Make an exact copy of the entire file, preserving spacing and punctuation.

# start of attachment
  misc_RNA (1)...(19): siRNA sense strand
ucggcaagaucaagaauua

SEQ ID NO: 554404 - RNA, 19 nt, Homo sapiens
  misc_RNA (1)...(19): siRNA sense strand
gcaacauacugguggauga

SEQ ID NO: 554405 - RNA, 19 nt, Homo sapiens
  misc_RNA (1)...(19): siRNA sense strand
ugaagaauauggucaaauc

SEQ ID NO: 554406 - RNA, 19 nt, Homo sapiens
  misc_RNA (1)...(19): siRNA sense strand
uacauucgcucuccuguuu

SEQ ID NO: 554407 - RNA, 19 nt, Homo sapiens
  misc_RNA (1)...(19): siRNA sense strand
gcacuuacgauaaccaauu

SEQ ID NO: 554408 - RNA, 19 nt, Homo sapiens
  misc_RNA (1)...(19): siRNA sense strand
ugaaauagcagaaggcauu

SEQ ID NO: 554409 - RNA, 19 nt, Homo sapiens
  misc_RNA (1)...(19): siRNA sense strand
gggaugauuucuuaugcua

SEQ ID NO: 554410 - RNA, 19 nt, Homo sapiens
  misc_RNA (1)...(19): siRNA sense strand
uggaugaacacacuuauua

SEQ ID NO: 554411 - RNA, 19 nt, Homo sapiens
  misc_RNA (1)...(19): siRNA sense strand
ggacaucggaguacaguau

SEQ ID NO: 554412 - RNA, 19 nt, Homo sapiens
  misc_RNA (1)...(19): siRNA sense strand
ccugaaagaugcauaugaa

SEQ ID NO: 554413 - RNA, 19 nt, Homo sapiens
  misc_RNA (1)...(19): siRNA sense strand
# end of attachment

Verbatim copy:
  misc_RNA (1)...(19): siRNA sense strand
ucggcaagaucaagaauua

SEQ ID NO: 554404 - RNA, 19 nt, Homo sapiens
  misc_RNA (1)...(19): siRNA sense strand
gcaacauacugguggauga

SEQ ID NO: 554405 - RNA, 19 nt, Homo sapiens
  misc_RNA (1)...(19): siRNA sense strand
ugaagaauauggucaaauc

SEQ ID NO: 554406 - RNA, 19 nt, Homo sapiens
  misc_RNA (1)...(19): siRNA sense strand
uacauucgcucuccuguuu

SEQ ID NO: 554407 - RNA, 19 nt, Homo sapiens
  misc_RNA (1)...(19): siRNA sense strand
gcacuuacgauaaccaauu

SEQ ID NO: 554408 - RNA, 19 nt, Homo sapiens
  misc_RNA (1)...(19): siRNA sense strand
ugaaauagcagaaggcauu

SEQ ID NO: 554409 - RNA, 19 nt, Homo sapiens
  misc_RNA (1)...(19): siRNA sense strand
gggaugauuucuuaugcua

SEQ ID NO: 554410 - RNA, 19 nt, Homo sapiens
  misc_RNA (1)...(19): siRNA sense strand
uggaugaacacacuuauua

SEQ ID NO: 554411 - RNA, 19 nt, Homo sapiens
  misc_RNA (1)...(19): siRNA sense strand
ggacaucggaguacaguau

SEQ ID NO: 554412 - RNA, 19 nt, Homo sapiens
  misc_RNA (1)...(19): siRNA sense strand
ccugaaagaugcauaugaa

SEQ ID NO: 554413 - RNA, 19 nt, Homo sapiens
  misc_RNA (1)...(19): siRNA sense strand